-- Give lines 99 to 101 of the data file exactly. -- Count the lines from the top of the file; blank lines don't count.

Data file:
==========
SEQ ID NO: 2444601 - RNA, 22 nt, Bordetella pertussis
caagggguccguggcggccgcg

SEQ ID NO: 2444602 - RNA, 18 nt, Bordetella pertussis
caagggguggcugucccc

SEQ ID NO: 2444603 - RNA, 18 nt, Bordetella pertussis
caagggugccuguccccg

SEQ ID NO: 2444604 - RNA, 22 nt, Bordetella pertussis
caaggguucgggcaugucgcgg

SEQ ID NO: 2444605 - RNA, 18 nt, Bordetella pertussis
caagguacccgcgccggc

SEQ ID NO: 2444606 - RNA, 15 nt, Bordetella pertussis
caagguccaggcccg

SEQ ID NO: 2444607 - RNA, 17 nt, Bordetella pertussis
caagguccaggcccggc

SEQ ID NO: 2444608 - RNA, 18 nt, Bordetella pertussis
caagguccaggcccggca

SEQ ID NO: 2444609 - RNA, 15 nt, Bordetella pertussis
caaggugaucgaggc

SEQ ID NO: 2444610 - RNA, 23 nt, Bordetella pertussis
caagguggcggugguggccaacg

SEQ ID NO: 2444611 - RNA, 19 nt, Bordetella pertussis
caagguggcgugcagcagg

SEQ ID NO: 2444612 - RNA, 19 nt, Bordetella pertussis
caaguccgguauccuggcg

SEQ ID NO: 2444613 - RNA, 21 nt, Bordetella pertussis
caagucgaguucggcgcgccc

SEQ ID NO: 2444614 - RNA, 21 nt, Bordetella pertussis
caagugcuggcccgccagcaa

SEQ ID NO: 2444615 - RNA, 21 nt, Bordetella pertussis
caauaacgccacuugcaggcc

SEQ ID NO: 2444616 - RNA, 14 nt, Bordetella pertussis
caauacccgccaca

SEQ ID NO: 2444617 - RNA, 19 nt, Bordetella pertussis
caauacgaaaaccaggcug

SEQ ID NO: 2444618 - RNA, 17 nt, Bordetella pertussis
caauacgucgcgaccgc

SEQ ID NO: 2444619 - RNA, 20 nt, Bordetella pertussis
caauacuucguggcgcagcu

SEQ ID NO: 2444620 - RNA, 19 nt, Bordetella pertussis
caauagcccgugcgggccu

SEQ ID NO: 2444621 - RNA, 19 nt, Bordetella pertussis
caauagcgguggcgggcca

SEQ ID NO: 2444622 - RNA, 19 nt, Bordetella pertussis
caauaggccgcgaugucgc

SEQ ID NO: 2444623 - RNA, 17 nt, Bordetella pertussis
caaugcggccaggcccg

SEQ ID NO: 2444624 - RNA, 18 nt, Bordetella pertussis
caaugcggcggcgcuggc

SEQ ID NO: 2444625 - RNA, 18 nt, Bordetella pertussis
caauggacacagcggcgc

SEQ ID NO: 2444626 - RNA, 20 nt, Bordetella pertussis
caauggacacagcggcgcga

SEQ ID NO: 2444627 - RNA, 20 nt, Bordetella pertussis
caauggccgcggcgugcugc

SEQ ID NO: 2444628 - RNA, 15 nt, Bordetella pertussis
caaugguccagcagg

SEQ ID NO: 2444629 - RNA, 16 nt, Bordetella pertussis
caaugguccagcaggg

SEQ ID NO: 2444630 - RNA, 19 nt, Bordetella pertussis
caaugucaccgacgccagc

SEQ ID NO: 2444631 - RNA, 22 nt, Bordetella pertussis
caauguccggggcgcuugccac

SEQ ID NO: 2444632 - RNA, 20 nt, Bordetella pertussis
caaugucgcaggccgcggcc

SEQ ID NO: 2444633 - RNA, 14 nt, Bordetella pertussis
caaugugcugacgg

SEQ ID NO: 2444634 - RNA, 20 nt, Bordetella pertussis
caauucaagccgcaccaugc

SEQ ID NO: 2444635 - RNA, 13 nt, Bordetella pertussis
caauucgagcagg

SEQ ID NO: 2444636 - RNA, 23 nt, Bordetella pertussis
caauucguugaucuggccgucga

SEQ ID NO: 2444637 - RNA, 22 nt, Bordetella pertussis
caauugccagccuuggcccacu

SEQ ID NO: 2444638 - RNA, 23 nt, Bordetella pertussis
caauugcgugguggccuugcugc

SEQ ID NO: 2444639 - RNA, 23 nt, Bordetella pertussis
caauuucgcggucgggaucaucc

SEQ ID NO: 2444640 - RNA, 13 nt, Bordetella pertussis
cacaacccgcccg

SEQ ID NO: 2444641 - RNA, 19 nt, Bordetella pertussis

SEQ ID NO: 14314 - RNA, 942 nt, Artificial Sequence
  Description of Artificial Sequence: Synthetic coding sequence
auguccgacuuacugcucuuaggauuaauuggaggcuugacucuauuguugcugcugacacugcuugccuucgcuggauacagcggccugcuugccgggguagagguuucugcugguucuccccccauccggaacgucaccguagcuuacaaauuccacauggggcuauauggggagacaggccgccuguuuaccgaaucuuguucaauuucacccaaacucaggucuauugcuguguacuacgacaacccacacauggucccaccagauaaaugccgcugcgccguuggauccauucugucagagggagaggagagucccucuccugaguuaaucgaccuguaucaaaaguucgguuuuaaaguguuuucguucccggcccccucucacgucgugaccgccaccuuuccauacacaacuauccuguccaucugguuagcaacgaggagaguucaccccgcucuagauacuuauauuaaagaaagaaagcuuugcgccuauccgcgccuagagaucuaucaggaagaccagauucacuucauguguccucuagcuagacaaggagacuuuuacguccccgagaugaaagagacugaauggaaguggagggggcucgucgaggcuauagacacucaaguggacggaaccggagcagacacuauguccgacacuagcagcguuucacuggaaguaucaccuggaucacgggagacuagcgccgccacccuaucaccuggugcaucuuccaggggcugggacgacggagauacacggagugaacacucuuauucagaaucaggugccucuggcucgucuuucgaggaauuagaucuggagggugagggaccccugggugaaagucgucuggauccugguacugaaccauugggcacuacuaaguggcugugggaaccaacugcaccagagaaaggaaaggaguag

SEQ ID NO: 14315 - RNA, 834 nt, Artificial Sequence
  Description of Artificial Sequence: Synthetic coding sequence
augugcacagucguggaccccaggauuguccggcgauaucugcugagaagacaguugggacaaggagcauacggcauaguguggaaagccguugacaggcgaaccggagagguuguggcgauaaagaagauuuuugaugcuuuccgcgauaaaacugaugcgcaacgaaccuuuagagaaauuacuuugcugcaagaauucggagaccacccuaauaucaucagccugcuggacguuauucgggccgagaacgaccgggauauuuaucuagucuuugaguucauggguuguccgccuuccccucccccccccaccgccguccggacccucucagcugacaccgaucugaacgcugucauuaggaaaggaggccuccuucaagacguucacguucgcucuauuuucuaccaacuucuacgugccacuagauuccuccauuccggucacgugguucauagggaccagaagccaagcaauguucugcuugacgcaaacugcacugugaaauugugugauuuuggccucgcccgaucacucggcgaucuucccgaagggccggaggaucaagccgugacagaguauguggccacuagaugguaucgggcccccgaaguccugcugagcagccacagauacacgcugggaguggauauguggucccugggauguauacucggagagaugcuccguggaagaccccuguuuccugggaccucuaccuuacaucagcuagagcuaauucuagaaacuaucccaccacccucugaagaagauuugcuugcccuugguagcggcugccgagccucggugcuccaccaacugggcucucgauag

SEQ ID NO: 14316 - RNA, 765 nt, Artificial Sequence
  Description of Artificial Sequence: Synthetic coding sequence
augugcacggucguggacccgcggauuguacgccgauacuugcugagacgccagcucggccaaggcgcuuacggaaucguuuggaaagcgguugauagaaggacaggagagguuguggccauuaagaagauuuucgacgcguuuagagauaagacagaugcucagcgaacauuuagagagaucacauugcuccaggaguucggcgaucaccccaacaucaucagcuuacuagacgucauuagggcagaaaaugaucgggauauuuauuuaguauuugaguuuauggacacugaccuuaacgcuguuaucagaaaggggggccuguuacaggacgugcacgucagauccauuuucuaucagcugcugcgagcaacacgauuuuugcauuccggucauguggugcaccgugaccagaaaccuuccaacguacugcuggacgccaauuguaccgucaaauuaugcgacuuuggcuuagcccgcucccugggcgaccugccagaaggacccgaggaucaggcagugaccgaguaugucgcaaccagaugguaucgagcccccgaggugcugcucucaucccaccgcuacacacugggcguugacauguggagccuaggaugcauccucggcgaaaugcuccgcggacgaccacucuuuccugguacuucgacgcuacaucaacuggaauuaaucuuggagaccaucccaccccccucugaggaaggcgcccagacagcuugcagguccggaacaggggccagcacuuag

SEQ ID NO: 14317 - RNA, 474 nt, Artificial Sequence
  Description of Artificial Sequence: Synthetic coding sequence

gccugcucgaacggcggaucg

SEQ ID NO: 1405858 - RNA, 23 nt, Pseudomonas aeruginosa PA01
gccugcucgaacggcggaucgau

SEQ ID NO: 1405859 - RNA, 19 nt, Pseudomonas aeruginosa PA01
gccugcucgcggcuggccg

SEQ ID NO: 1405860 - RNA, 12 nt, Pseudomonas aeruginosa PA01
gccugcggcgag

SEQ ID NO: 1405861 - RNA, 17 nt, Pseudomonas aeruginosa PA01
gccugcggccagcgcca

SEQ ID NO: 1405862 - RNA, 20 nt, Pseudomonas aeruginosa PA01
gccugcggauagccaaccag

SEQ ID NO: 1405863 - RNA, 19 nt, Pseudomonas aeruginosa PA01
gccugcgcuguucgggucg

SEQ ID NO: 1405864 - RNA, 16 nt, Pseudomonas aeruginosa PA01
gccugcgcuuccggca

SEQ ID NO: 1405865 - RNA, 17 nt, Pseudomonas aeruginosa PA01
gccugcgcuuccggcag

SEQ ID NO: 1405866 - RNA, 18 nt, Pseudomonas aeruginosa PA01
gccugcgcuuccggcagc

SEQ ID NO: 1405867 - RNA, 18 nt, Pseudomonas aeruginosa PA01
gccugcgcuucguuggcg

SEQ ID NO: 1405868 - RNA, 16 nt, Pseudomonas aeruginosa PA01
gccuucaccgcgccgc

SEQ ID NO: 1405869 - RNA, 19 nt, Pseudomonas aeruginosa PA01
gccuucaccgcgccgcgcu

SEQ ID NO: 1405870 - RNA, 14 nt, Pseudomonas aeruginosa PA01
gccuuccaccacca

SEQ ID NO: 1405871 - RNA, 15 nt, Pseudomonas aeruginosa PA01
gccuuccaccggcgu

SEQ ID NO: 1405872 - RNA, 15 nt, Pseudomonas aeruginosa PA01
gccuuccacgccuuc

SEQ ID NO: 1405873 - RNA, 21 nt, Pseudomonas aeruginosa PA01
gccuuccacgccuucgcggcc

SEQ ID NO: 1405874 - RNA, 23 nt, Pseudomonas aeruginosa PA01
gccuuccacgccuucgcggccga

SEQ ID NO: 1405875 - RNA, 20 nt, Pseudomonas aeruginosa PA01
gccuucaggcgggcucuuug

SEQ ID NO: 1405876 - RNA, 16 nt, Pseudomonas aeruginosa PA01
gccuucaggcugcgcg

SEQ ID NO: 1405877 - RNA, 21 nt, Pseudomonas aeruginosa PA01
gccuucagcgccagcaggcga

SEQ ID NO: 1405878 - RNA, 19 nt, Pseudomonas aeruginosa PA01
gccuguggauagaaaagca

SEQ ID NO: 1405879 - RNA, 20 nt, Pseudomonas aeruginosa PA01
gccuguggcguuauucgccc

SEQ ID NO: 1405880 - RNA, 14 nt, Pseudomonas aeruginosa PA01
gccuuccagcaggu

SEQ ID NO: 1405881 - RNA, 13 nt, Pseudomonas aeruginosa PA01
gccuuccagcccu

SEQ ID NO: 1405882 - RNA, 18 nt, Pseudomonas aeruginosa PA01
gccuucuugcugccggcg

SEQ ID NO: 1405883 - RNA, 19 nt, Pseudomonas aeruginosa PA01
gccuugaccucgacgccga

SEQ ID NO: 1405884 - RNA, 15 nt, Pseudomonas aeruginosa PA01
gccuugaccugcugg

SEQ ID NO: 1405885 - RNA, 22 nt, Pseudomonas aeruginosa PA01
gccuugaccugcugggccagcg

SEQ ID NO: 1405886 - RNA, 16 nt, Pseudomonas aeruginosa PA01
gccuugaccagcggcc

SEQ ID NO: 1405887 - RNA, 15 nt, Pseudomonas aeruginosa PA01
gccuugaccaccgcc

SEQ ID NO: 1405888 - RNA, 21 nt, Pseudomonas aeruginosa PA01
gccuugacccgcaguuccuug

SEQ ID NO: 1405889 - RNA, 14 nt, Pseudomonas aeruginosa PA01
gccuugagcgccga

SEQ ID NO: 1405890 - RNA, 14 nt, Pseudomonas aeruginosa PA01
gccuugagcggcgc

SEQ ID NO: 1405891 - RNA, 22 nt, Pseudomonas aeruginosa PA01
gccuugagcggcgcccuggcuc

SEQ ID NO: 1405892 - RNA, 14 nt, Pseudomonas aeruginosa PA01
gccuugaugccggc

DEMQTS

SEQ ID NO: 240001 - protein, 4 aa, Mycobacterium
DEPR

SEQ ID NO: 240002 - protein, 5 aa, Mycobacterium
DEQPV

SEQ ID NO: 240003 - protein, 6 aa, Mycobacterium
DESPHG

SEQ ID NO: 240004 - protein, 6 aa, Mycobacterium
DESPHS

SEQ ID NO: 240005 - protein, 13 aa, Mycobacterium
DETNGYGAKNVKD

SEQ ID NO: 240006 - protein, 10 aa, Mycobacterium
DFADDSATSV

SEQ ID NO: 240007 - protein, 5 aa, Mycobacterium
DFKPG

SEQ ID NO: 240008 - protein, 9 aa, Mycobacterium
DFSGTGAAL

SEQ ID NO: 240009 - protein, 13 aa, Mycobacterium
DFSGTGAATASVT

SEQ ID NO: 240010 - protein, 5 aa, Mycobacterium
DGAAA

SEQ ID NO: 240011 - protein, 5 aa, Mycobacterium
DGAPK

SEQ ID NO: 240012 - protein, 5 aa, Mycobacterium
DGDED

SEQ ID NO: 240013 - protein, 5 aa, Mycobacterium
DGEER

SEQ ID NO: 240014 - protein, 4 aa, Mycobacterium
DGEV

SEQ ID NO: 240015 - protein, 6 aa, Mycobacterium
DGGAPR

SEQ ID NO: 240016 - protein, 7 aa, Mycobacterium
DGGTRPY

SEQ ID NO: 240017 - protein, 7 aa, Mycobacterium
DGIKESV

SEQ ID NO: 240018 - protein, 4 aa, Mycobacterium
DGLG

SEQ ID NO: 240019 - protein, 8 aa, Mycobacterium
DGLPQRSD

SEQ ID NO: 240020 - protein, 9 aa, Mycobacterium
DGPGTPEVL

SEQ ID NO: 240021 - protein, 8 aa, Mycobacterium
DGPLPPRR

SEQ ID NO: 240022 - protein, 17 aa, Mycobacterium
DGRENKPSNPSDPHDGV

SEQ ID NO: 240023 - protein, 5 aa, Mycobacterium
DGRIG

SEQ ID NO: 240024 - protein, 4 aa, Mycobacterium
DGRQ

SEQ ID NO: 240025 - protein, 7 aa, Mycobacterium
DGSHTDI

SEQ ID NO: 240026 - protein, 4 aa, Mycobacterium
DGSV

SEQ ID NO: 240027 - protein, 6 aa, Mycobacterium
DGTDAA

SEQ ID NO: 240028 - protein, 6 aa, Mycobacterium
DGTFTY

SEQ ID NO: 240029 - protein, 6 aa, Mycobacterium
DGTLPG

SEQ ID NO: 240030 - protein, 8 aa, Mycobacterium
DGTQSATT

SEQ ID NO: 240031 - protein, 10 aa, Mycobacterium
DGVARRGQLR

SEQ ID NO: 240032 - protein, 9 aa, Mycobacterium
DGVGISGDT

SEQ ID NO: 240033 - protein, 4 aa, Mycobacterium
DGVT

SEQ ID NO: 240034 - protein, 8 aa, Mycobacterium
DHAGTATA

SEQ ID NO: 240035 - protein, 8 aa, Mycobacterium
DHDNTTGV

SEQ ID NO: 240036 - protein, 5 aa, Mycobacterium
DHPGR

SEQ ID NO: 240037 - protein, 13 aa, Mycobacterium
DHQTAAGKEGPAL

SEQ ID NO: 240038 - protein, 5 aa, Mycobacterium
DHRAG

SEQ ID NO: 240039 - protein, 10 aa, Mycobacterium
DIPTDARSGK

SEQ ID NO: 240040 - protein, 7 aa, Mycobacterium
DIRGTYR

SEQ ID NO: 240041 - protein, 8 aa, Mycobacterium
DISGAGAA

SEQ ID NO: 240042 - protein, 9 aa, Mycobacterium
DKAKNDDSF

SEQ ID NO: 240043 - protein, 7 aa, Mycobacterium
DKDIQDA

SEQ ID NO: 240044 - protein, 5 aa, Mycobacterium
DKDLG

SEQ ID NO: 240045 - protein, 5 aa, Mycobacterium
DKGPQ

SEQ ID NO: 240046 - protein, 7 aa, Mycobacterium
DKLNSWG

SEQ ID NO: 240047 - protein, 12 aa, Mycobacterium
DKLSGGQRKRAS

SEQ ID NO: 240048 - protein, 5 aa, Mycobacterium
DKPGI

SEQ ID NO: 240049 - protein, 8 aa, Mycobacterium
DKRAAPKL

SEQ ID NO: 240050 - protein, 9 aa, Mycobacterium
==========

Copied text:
gccugcggcgag

SEQ ID NO: 1405861 - RNA, 17 nt, Pseudomonas aeruginosa PA01
gccugcggccagcgcca